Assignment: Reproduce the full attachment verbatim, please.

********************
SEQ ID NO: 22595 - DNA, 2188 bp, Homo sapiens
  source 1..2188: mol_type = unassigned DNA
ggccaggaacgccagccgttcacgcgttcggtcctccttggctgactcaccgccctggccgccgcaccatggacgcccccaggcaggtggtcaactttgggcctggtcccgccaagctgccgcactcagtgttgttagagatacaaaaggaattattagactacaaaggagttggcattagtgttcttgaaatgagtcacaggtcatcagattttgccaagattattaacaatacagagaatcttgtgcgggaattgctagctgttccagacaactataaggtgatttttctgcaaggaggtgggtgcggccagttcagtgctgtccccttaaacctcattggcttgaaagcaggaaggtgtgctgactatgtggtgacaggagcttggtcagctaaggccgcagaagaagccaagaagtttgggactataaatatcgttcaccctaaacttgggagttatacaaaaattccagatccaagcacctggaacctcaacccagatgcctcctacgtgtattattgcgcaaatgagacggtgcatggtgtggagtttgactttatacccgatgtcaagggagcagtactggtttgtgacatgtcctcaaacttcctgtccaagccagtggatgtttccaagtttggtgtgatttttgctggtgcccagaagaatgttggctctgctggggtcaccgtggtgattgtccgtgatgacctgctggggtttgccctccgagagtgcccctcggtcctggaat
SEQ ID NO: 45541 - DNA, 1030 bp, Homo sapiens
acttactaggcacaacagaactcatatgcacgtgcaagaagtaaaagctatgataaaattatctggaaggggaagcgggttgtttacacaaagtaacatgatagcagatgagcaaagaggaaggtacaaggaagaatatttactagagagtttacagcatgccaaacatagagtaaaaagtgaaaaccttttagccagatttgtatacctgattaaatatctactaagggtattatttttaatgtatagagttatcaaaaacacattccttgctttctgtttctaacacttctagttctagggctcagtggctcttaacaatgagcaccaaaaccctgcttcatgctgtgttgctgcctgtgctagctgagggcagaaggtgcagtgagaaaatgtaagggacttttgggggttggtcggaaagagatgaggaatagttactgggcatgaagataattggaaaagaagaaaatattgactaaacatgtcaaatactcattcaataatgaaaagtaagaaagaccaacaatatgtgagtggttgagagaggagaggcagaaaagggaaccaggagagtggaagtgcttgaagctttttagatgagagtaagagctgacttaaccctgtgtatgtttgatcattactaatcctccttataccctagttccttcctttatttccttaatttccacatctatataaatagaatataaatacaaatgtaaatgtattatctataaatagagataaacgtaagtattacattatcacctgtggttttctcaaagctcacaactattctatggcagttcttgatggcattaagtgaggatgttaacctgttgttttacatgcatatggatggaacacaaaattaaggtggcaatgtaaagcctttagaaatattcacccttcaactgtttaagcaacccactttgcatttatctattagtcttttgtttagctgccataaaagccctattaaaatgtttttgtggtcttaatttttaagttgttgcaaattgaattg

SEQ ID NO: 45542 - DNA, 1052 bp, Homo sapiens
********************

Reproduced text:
SEQ ID NO: 22595 - DNA, 2188 bp, Homo sapiens
  source 1..2188: mol_type = unassigned DNA
ggccaggaacgccagccgttcacgcgttcggtcctccttggctgactcaccgccctggccgccgcaccatggacgcccccaggcaggtggtcaactttgggcctggtcccgccaagctgccgcactcagtgttgttagagatacaaaaggaattattagactacaaaggagttggcattagtgttcttgaaatgagtcacaggtcatcagattttgccaagattattaacaatacagagaatcttgtgcgggaattgctagctgttccagacaactataaggtgatttttctgcaaggaggtgggtgcggccagttcagtgctgtccccttaaacctcattggcttgaaagcaggaaggtgtgctgactatgtggtgacaggagcttggtcagctaaggccgcagaagaagccaagaagtttgggactataaatatcgttcaccctaaacttgggagttatacaaaaattccagatccaagcacctggaacctcaacccagatgcctcctacgtgtattattgcgcaaatgagacggtgcatggtgtggagtttgactttatacccgatgtcaagggagcagtactggtttgtgacatgtcctcaaacttcctgtccaagccagtggatgtttccaagtttggtgtgatttttgctggtgcccagaagaatgttggctctgctggggtcaccgtggtgattgtccgtgatgacctgctggggtttgccctccgagagtgcccctcggtcctggaat
SEQ ID NO: 45541 - DNA, 1030 bp, Homo sapiens
acttactaggcacaacagaactcatatgcacgtgcaagaagtaaaagctatgataaaattatctggaaggggaagcgggttgtttacacaaagtaacatgatagcagatgagcaaagaggaaggtacaaggaagaatatttactagagagtttacagcatgccaaacatagagtaaaaagtgaaaaccttttagccagatttgtatacctgattaaatatctactaagggtattatttttaatgtatagagttatcaaaaacacattccttgctttctgtttctaacacttctagttctagggctcagtggctcttaacaatgagcaccaaaaccctgcttcatgctgtgttgctgcctgtgctagctgagggcagaaggtgcagtgagaaaatgtaagggacttttgggggttggtcggaaagagatgaggaatagttactgggcatgaagataattggaaaagaagaaaatattgactaaacatgtcaaatactcattcaataatgaaaagtaagaaagaccaacaatatgtgagtggttgagagaggagaggcagaaaagggaaccaggagagtggaagtgcttgaagctttttagatgagagtaagagctgacttaaccctgtgtatgtttgatcattactaatcctccttataccctagttccttcctttatttccttaatttccacatctatataaatagaatataaatacaaatgtaaatgtattatctataaatagagataaacgtaagtattacattatcacctgtggttttctcaaagctcacaactattctatggcagttcttgatggcattaagtgaggatgttaacctgttgttttacatgcatatggatggaacacaaaattaaggtggcaatgtaaagcctttagaaatattcacccttcaactgtttaagcaacccactttgcatttatctattagtcttttgtttagctgccataaaagccctattaaaatgtttttgtggtcttaatttttaagttgttgcaaattgaattg

SEQ ID NO: 45542 - DNA, 1052 bp, Homo sapiens